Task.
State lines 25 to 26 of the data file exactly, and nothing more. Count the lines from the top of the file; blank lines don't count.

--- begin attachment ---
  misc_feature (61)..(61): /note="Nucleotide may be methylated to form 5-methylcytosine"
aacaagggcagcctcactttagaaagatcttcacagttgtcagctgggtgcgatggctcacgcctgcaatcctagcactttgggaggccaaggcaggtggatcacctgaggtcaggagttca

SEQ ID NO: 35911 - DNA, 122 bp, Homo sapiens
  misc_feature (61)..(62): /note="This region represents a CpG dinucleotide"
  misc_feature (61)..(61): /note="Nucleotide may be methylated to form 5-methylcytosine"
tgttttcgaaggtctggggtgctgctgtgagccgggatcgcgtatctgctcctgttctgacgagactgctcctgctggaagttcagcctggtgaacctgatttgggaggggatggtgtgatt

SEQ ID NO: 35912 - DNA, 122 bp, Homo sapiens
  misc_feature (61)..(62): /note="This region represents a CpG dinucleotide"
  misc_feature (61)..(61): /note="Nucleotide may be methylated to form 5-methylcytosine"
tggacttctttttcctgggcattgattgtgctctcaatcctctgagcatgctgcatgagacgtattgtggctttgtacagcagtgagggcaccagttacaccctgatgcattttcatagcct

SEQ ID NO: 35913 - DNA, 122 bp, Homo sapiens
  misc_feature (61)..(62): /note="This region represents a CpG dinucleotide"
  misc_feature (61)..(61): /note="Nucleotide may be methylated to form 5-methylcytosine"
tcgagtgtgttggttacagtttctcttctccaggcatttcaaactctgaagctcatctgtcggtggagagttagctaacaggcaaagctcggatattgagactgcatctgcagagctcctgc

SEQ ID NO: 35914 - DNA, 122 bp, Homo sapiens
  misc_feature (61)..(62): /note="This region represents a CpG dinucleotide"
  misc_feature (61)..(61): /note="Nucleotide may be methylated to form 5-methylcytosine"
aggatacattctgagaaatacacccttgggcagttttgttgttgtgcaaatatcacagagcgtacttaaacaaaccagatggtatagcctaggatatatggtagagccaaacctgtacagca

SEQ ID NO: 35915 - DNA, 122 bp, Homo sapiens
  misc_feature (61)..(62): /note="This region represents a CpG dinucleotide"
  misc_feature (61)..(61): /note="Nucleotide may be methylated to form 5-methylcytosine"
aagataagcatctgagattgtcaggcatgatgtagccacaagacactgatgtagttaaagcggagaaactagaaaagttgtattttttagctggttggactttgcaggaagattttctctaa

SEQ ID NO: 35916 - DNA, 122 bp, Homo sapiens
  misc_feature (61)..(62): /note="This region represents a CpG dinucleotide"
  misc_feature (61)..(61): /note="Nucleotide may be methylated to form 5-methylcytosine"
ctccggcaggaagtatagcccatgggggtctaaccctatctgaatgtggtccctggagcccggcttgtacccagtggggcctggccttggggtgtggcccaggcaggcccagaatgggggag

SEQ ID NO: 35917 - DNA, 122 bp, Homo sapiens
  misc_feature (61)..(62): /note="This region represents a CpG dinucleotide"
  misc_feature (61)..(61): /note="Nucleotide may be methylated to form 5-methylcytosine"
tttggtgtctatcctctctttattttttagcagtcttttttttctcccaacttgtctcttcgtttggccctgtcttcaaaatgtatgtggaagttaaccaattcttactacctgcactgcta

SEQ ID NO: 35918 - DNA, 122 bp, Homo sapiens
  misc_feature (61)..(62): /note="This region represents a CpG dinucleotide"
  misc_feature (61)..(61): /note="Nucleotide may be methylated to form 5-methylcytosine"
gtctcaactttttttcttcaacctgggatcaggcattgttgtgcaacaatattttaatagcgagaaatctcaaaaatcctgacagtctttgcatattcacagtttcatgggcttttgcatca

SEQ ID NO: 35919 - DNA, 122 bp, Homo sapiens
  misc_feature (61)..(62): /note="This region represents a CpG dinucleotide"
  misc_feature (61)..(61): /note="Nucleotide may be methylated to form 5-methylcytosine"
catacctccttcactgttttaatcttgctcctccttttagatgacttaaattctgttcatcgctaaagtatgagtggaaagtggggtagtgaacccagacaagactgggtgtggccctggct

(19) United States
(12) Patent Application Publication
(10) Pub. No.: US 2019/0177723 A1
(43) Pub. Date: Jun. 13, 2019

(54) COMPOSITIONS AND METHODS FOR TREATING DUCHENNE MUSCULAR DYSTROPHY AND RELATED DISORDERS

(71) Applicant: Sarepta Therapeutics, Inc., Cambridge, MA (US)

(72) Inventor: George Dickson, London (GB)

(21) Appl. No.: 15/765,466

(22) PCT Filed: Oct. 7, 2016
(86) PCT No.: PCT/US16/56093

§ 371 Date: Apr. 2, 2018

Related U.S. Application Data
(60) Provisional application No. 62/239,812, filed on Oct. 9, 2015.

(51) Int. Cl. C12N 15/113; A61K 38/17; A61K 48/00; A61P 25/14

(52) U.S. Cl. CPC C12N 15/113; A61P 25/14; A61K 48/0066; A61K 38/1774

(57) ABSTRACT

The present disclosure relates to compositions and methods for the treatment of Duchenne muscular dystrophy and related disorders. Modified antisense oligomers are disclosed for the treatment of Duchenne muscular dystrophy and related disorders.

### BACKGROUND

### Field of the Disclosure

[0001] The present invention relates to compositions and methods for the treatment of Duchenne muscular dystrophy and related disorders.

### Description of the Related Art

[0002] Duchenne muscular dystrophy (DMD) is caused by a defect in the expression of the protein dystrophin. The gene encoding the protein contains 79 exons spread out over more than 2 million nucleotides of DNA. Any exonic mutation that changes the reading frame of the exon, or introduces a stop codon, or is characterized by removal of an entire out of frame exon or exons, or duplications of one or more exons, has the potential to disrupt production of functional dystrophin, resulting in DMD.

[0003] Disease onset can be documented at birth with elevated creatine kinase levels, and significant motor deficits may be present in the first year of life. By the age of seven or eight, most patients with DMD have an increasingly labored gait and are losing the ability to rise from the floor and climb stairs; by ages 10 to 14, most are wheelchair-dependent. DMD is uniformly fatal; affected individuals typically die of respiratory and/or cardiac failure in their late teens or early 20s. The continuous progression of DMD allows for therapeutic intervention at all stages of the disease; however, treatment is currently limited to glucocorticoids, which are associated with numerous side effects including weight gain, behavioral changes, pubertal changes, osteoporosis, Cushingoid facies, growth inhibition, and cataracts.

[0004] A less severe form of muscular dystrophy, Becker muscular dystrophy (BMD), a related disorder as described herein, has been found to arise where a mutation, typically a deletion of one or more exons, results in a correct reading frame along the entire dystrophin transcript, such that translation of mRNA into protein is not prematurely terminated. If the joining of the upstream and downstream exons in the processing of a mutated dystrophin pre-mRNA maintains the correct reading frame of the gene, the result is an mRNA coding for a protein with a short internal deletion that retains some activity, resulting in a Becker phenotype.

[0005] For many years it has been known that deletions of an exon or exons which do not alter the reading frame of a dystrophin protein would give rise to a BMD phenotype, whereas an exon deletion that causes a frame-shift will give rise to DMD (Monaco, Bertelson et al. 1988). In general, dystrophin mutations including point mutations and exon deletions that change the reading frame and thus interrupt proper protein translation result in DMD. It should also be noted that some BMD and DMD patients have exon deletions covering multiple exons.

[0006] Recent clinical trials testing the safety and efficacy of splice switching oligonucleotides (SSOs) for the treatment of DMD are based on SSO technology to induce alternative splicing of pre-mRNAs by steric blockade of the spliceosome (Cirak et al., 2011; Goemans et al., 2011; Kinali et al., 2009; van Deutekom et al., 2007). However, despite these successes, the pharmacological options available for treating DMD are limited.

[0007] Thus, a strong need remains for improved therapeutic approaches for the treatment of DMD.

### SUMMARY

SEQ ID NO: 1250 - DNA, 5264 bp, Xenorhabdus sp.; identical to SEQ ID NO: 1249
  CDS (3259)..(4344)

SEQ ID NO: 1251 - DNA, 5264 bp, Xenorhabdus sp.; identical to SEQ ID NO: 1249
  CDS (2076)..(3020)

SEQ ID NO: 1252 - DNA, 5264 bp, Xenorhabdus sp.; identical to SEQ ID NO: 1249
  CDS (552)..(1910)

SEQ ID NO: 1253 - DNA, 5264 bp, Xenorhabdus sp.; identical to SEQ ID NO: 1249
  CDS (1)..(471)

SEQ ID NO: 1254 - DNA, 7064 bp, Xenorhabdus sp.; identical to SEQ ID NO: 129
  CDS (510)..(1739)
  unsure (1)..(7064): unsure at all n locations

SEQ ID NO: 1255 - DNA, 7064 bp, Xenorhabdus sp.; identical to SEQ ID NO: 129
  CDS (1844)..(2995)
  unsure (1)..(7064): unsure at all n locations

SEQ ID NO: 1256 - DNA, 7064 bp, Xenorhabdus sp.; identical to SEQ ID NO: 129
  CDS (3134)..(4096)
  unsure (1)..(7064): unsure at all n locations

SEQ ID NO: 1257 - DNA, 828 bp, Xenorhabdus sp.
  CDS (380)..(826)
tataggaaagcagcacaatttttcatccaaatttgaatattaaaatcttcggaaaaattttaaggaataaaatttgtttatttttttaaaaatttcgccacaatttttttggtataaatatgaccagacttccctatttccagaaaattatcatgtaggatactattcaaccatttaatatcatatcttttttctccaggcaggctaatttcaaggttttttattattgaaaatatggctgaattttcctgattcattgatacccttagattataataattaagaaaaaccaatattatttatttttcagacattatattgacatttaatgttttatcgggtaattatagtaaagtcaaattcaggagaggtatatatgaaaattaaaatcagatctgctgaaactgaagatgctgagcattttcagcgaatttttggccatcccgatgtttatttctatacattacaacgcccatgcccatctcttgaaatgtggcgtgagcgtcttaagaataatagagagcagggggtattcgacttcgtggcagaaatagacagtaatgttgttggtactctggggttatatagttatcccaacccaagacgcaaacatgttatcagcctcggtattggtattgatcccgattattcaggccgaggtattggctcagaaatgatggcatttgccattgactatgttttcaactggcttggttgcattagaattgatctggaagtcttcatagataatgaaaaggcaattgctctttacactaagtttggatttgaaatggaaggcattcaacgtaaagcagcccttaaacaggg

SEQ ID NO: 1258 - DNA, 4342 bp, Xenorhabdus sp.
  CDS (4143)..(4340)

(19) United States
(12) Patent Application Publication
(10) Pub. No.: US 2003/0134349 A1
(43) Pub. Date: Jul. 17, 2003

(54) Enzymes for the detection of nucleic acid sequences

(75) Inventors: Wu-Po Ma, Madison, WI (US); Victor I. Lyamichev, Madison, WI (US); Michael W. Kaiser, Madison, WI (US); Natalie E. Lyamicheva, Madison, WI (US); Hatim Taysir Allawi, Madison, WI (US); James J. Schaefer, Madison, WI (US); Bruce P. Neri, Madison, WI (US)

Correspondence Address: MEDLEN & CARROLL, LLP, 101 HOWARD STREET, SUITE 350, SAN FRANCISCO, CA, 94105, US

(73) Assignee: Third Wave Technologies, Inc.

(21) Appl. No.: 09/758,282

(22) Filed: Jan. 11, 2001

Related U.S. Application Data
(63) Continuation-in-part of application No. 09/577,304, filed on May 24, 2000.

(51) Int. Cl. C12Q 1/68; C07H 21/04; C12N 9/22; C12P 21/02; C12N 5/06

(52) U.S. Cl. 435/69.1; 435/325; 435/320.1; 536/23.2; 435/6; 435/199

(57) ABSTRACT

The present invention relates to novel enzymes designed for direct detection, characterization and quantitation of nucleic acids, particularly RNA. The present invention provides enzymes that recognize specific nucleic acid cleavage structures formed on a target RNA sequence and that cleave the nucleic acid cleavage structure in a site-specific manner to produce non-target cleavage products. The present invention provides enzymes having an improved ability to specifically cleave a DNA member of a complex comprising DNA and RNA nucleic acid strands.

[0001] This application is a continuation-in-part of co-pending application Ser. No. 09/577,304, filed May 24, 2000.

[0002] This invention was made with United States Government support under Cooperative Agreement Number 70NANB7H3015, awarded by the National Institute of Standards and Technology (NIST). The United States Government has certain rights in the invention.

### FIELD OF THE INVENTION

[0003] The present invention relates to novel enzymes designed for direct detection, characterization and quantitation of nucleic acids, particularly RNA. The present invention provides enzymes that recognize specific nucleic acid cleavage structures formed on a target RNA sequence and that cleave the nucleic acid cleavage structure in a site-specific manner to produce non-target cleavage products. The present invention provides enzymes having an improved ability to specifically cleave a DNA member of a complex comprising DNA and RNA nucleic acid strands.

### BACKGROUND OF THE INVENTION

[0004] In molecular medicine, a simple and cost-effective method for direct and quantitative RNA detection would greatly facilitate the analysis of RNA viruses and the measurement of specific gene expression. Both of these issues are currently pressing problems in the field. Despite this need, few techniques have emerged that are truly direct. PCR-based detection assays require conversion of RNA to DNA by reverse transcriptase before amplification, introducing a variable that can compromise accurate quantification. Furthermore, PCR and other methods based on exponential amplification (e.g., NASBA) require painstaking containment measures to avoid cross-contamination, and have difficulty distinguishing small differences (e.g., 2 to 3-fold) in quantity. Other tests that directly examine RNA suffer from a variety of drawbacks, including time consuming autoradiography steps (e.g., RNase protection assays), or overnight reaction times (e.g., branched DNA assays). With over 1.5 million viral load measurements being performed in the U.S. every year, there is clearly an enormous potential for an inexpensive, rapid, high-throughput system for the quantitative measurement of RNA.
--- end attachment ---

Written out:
  misc_feature (61)..(61): /note="Nucleotide may be methylated to form 5-methylcytosine"
ctccggcaggaagtatagcccatgggggtctaaccctatctgaatgtggtccctggagcccggcttgtacccagtggggcctggccttggggtgtggcccaggcaggcccagaatgggggag